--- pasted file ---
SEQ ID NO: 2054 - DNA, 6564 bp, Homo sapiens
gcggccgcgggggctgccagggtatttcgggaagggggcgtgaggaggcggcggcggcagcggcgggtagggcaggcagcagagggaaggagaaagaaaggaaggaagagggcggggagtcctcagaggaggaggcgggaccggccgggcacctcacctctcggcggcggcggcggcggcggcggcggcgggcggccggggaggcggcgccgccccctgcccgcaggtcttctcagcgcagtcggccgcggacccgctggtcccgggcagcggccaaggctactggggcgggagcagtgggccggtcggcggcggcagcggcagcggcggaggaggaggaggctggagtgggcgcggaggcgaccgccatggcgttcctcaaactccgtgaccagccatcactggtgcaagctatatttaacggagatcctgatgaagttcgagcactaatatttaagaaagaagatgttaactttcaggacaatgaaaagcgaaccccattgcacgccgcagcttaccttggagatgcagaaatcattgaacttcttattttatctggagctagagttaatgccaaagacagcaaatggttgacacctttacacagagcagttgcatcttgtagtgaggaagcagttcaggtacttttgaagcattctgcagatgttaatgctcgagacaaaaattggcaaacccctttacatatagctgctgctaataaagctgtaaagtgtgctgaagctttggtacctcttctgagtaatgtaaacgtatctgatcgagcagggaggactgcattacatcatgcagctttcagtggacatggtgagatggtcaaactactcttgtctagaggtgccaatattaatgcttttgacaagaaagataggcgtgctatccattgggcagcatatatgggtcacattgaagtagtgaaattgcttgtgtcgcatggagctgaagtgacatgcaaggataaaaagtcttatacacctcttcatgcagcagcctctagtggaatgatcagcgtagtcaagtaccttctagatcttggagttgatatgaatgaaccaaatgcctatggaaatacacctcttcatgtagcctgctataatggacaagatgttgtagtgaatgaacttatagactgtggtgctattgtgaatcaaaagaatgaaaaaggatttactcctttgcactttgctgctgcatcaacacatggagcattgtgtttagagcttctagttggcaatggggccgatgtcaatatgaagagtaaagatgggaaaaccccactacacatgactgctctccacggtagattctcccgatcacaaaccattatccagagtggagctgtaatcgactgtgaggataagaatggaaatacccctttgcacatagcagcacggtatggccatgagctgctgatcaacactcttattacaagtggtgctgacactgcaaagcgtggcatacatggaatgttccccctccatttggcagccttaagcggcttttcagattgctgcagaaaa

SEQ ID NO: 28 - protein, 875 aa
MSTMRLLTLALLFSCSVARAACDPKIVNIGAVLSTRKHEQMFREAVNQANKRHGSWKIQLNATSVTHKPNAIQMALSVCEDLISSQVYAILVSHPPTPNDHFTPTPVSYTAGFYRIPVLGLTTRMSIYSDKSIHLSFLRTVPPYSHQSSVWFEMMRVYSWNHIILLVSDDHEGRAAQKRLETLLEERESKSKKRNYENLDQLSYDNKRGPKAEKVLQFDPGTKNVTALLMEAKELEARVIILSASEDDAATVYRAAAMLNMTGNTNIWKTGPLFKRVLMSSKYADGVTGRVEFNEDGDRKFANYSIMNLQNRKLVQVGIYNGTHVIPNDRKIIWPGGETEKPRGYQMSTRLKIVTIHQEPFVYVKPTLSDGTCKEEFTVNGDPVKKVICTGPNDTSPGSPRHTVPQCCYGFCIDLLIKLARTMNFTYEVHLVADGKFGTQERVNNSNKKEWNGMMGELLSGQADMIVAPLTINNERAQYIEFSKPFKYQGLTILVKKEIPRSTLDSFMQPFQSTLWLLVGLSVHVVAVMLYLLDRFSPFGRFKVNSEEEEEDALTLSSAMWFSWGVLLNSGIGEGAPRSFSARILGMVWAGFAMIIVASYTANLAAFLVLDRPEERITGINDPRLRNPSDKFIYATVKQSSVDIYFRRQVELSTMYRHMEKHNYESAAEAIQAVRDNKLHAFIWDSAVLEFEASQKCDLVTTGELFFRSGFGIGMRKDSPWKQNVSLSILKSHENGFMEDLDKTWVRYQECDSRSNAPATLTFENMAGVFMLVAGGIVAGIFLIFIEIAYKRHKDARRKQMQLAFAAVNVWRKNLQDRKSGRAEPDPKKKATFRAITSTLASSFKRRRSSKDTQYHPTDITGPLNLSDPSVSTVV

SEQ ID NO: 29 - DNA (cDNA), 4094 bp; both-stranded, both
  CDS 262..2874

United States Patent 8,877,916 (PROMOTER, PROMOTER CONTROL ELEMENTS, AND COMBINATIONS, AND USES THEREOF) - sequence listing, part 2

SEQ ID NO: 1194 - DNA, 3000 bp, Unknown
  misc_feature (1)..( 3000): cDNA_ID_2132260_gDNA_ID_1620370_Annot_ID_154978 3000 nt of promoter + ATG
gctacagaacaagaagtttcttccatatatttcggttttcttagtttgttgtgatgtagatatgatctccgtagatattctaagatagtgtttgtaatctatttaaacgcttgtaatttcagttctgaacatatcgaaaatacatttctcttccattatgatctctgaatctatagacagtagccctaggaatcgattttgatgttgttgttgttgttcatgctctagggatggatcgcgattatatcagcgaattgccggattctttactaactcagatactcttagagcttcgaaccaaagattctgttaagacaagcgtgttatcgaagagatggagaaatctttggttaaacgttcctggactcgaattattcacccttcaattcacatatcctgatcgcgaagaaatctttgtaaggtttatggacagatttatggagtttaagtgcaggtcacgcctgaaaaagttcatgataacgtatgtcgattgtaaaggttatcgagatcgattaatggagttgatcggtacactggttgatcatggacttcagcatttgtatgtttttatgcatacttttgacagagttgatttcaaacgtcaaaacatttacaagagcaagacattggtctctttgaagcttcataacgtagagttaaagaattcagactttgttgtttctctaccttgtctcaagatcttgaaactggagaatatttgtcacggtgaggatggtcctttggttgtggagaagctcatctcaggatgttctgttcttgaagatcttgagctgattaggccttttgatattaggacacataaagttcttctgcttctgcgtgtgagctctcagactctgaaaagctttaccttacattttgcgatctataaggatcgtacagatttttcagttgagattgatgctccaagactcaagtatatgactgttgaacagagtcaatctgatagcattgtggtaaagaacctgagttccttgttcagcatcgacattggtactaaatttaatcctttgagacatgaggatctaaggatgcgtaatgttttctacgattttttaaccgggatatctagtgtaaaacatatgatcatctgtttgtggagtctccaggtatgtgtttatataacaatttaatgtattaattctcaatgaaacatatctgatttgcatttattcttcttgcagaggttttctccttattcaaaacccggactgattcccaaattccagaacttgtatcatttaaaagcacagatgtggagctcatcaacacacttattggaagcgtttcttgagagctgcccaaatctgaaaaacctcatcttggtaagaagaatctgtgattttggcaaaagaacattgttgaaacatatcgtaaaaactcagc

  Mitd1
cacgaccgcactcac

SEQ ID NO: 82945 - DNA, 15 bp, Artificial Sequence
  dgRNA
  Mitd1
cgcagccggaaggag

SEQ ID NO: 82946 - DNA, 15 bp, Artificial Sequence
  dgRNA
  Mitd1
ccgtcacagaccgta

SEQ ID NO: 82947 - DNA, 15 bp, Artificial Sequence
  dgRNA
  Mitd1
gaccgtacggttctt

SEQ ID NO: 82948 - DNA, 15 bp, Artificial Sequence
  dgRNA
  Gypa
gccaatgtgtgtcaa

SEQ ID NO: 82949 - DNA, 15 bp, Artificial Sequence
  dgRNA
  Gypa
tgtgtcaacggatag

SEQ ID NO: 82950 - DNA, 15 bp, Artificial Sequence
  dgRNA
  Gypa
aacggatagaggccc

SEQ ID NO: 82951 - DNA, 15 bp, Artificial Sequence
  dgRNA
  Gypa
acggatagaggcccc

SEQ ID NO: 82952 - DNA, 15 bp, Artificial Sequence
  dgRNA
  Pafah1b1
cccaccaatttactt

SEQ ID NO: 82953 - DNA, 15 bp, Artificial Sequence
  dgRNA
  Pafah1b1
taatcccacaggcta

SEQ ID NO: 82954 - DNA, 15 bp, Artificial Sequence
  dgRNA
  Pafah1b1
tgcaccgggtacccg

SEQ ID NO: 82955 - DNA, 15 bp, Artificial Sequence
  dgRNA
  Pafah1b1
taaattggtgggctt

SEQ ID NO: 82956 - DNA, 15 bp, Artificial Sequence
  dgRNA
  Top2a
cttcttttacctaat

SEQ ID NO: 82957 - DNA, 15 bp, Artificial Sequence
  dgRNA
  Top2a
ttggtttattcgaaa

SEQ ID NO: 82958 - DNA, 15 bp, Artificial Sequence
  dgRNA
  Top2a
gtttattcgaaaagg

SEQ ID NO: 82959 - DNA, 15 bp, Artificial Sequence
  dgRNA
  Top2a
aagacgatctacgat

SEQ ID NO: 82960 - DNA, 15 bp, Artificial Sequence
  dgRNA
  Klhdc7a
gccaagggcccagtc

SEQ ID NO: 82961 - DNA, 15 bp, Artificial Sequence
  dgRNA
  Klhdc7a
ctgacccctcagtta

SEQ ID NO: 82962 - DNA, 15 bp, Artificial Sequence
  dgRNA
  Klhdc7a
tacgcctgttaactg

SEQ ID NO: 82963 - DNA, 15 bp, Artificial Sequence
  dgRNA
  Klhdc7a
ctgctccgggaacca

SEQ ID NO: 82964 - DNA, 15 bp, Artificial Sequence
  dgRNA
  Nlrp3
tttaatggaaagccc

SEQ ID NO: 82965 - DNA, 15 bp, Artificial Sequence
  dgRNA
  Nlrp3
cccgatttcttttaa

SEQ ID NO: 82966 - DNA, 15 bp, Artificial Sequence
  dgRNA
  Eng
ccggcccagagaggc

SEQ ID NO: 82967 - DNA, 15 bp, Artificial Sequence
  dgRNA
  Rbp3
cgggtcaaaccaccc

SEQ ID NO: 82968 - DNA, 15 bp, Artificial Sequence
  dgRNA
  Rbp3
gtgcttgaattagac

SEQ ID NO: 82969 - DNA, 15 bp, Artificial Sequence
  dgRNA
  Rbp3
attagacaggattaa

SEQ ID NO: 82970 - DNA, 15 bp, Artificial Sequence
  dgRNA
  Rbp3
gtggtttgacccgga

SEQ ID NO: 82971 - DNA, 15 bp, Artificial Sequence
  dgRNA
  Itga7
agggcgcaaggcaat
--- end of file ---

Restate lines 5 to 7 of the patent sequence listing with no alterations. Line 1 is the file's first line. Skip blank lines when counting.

SEQ ID NO: 29 - DNA (cDNA), 4094 bp; both-stranded, both
  CDS 262..2874

United States Patent 8,877,916 (PROMOTER, PROMOTER CONTROL ELEMENTS, AND COMBINATIONS, AND USES THEREOF) - sequence listing, part 2